Discussing child sexual abuse with Chris Newlin

The Executive Director of the Child Advocacy Center (CAC) Chris Newlin was recently in Athens in order to participate in an…

Interview by Lena Papadimitriou

The Executive Director of the Child Advocacy Center (CAC) Chris Newlin was recently in Athens in order to participate in an event organized by the Smile of the Child, with the support of the US Embassy in Athens, where he informed Greek prosecutors, judicial officers, police, psychologists, social and healthcare workers of the Child Advocacy Center’s efforts. Mr. Newlin met with To Vima and talked about the sexual abuse, the CAC and his thoughts on this “quiet” form of abuse.

Early on in the interview Newlin dispels some of the greatest misconceptions about the sexual abuse of children, namely that sexual abuse mostly affects poor or non-privileged families, when in reality the phenomenon transcends financial and social strata. Child abuse is often represented as an exotic incident, and argues that stranger danger is the tip of the ice-berg. The overwhelming majority of child molestation cases are carried out by people to the victims, namely relatives, teachers, neighbors or family friends. Mr. Newlin stresses that unlike other forms of abuse, sexual abuse is often very “quiet” and may remain a life-long secret.

The CAC director comments that in recent times victims of sexual abuse are more vocal about their experiences and cites the example of Olympic medalist Margaret Hoelzer, who did not hesitate to publicly talk about the sexual abuse she suffered at the age of 5 by a friend of her father. Mr. Newlin points out that there is greater knowledge regarding abuse and that it is the responsibility of adults to create a society open enough where a sexually abused child can express itself. Unfortunately though, society will not change unless it comes face-to-face with the tragedy.

At present there is a huge debate in the USA as to whether the financial crisis has encouraged different types of child abuse. While it may seem obvious that sexual violence towards children would flourish in a harsh financial climate, the statistical evidence does not corroborate such a claim. According to Mr. Newlin, the financial crisis of 2008 only resulted in a marginal increase of sexual and physical abuse, while neglect saw a minor increase.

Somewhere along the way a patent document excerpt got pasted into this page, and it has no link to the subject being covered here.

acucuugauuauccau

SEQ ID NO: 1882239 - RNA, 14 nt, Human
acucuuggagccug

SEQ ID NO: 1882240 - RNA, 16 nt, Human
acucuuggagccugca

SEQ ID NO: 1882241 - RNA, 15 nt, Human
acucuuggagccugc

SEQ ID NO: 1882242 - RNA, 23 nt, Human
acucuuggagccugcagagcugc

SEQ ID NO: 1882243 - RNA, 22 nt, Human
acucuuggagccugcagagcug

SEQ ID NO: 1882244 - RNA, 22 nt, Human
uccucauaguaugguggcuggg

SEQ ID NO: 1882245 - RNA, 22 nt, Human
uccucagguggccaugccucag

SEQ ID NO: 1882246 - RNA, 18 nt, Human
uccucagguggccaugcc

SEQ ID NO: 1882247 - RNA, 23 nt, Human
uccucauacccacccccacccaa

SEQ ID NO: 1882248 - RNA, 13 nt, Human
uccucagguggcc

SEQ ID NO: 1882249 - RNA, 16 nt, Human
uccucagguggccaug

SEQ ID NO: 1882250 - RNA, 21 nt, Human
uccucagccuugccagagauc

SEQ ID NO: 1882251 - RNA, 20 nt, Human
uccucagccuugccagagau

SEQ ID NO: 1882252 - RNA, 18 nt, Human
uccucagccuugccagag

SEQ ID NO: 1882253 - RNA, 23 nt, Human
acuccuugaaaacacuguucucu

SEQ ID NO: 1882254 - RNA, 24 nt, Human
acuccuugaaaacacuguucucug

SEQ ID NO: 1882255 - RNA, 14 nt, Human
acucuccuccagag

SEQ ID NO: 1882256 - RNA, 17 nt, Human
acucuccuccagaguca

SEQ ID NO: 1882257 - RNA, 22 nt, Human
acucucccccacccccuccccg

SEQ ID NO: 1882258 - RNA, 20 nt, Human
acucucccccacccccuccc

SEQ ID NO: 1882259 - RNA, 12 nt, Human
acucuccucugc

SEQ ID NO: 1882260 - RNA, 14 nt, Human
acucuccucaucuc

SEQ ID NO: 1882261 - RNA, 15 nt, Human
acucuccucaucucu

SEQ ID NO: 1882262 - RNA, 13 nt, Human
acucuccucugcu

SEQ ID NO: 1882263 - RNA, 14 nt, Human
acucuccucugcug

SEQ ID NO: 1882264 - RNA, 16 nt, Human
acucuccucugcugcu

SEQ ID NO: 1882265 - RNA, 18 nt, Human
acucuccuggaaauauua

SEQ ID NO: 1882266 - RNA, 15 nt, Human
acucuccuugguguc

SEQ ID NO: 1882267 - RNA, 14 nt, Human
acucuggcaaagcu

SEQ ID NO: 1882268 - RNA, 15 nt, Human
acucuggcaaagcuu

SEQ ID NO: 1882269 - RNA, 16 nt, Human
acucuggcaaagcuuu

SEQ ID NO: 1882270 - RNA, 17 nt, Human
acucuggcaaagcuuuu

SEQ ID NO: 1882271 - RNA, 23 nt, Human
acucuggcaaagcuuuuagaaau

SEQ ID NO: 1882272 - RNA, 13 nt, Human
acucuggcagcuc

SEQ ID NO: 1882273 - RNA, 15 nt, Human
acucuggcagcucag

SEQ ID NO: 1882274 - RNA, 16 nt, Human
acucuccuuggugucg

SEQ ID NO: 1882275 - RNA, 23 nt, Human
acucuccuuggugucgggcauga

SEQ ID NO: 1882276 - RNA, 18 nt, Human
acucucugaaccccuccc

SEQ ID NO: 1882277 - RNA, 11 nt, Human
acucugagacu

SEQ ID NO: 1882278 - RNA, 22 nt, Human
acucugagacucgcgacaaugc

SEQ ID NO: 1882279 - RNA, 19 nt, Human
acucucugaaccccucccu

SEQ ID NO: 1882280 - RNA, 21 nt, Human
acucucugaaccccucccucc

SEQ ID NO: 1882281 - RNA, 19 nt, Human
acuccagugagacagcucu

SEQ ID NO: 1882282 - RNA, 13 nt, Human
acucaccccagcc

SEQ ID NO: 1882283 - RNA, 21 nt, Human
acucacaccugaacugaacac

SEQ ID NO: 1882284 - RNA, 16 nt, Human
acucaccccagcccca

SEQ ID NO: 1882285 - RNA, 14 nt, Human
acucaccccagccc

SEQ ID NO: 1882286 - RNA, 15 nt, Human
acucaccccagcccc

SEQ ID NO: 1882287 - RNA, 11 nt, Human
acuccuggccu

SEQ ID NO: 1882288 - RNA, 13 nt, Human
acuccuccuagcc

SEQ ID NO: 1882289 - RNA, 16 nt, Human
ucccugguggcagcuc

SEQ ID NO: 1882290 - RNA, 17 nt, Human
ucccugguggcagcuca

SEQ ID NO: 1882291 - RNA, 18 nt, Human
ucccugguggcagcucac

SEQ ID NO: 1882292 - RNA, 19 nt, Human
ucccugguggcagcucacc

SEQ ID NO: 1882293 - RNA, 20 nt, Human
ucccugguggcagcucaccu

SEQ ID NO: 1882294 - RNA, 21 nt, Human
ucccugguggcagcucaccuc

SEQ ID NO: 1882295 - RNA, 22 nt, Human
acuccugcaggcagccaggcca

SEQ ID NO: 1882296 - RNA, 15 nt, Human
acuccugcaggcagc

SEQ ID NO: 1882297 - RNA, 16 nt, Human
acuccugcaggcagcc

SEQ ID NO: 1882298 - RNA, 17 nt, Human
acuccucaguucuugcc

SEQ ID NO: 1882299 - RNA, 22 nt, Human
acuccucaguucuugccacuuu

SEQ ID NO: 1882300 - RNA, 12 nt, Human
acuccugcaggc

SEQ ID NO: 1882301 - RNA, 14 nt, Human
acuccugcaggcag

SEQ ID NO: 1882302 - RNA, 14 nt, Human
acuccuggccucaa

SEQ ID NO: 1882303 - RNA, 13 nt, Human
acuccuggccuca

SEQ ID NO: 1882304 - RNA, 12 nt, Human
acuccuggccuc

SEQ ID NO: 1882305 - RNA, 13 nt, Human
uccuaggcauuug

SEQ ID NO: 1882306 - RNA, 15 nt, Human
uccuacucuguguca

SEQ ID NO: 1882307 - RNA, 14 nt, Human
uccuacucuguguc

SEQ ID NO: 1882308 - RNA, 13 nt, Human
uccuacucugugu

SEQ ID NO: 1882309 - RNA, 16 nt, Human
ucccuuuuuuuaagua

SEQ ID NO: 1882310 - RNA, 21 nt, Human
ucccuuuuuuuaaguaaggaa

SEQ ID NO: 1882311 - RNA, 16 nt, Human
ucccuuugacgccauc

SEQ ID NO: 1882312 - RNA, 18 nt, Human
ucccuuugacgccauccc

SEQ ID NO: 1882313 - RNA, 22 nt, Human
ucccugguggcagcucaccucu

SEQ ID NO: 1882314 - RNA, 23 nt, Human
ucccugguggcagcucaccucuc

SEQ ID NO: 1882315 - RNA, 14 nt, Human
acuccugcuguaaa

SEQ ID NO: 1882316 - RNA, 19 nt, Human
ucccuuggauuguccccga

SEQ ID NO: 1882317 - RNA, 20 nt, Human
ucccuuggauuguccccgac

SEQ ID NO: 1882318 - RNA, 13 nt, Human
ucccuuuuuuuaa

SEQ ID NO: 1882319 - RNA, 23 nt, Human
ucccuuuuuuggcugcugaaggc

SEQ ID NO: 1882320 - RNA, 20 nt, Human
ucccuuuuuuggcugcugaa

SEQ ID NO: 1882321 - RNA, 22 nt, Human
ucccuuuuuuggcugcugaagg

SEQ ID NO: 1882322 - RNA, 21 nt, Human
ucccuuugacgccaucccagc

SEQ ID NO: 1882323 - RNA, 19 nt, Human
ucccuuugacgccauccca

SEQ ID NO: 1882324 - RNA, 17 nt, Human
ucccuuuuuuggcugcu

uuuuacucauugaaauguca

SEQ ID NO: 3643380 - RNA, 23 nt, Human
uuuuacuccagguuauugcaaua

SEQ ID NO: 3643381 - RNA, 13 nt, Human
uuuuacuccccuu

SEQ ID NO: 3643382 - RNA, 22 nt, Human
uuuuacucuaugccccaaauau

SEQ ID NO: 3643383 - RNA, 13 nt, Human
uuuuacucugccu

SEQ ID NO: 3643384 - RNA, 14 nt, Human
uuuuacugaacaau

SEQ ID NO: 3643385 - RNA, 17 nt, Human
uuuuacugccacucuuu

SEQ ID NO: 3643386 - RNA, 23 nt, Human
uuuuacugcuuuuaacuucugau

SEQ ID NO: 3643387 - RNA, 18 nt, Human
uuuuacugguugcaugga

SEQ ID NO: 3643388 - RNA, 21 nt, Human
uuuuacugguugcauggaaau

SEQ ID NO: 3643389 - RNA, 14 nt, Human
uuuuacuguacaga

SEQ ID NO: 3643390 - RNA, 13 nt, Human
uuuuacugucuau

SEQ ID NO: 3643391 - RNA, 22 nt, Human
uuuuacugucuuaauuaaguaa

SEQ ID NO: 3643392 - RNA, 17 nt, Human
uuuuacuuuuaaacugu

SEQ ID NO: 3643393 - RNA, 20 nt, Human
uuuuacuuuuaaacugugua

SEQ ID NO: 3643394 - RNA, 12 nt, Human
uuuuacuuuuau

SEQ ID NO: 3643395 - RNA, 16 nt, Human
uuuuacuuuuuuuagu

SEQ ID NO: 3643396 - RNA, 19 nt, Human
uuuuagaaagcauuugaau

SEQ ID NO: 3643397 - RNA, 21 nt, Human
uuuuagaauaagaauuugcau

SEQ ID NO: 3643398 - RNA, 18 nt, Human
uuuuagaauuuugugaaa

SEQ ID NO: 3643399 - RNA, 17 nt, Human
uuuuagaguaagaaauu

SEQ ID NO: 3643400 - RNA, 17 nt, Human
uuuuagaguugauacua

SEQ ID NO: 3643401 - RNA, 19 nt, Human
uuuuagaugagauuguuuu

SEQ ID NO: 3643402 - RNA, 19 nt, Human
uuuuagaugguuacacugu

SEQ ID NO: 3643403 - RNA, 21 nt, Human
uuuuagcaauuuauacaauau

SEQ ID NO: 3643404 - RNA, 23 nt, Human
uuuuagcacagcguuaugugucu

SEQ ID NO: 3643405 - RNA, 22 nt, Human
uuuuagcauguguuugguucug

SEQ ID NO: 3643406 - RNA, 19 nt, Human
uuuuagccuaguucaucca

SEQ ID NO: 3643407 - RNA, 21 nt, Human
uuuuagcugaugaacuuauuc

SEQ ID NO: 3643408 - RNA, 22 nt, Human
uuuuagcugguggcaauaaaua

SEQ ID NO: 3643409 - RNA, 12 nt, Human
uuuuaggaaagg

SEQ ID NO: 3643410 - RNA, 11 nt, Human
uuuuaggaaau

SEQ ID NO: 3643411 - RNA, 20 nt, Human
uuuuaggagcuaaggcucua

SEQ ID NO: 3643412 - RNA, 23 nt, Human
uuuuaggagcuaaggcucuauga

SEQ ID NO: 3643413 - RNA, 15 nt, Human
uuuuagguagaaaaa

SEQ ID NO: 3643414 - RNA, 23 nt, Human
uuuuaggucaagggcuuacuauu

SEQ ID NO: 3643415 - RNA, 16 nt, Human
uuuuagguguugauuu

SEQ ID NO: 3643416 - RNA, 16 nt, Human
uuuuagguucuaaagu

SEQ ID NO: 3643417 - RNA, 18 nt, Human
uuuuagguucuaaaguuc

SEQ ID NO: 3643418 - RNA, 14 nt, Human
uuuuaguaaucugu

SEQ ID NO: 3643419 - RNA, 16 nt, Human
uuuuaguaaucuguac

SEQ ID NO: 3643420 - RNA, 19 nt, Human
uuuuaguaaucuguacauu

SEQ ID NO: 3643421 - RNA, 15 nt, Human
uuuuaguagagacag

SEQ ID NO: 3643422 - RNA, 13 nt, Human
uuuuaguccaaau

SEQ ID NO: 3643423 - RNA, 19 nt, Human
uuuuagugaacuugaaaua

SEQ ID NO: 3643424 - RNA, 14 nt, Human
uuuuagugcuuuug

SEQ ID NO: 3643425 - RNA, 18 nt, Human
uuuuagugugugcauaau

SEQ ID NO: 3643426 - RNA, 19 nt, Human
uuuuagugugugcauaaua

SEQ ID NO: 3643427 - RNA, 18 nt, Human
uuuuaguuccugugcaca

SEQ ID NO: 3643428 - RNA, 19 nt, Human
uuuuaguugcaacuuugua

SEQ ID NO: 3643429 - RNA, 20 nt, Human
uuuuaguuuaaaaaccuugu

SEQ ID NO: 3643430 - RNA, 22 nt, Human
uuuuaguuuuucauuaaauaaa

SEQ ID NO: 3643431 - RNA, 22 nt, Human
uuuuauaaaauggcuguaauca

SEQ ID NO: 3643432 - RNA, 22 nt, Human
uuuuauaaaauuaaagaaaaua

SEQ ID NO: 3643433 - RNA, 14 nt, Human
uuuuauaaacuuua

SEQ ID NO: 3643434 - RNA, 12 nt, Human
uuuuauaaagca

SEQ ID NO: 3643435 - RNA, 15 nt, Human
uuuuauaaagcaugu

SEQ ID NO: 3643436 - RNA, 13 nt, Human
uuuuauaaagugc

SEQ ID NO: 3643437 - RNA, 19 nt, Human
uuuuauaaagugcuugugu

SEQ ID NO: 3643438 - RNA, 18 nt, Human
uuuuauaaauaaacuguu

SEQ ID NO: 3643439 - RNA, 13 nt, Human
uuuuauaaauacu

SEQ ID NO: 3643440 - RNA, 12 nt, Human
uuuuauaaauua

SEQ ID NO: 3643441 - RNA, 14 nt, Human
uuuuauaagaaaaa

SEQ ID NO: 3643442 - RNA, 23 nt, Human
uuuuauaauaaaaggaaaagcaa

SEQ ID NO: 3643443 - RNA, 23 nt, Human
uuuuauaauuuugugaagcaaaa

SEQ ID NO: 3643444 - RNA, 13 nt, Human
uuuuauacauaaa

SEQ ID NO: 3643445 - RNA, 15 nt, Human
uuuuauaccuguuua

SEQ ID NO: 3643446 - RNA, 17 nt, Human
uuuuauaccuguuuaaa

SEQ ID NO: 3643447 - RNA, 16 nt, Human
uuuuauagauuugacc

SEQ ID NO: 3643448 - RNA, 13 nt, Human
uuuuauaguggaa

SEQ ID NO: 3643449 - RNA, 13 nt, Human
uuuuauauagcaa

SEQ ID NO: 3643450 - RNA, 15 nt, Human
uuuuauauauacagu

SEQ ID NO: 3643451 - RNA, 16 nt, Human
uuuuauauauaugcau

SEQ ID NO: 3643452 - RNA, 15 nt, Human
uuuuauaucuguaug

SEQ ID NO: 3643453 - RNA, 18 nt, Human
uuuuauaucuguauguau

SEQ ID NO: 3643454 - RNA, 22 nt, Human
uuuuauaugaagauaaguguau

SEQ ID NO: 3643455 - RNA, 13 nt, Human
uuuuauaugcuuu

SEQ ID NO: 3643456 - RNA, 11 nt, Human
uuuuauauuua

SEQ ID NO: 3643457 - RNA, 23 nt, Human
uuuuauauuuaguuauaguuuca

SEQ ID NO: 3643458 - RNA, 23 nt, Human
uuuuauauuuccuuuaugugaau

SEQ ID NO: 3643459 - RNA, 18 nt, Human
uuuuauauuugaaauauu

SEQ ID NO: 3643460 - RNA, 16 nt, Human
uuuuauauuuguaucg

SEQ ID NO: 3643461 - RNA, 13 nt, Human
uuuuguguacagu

The purpose of the Child Advocacy Center

The idea for the Child Advocacy Center was born in 1985 when former Congressman Robert E. «Bud» Cramer, who was a District Attorney at the time, observed that how abused children experienced even great pain and anger when questioned by authorities than when they were actually abused. The National Children’s Advocacy Center was set up to act as a friendly and safe environment for children. There are 850 centers across the USA and in 2013 they helped 293,000 children. Over the past five years many countries, including Greece, have sought assistance in developing similar structures of their own.

When asked what a parent can do to protect a child from sexual abuse, Mr. Newlin argues that a full-proof way to protect children from abuse is “unrealistic”, as overprotection and smothering are also forms of neglect. Shielding a child from the world may protect it from most dangers, but the smothering will affect a child’s physical and mental health. He believes that sexual abuse should not be approached as a life-ending, devastating event, noting that after 40 years of intensive research there is adequate proof that children that have experienced child abuse can be effectively cured and restored.

What can a parent do?

For Mr. Newlin the most effective way to protect a child from sexual abuse is to make it clear, early on at the age of 2-3, that there are certain areas on the body that that nobody else can touch, other than those taking care of him or her (such as parents, doctors etc). Over time the parents must build on this to create a health discussion that will allow a child to feel free to express itself.

Mr. Newlin notes that this must be a long-term effort, so that the child feels confident and reassured that it can discuss anything odd or out the ordinary. Most sexual predators tend to groom their victims and gradually increase the levels of abuse. The greatest way to tackle the sexual abuse of children, argues Mr. Newlin, is by openly discussing it and not ignoring something that exists.

By the end of the year, the Smile of the Child charity fund will launch a center providing support to children, teenagers and victims of neglect and abuse. The center will be located in the area of Zografou and will house the first Child Advocacy Center in Greece, with the support of the Ministry of Justice.

Originally published in VImagazino, on Sunday 2nd November 2014

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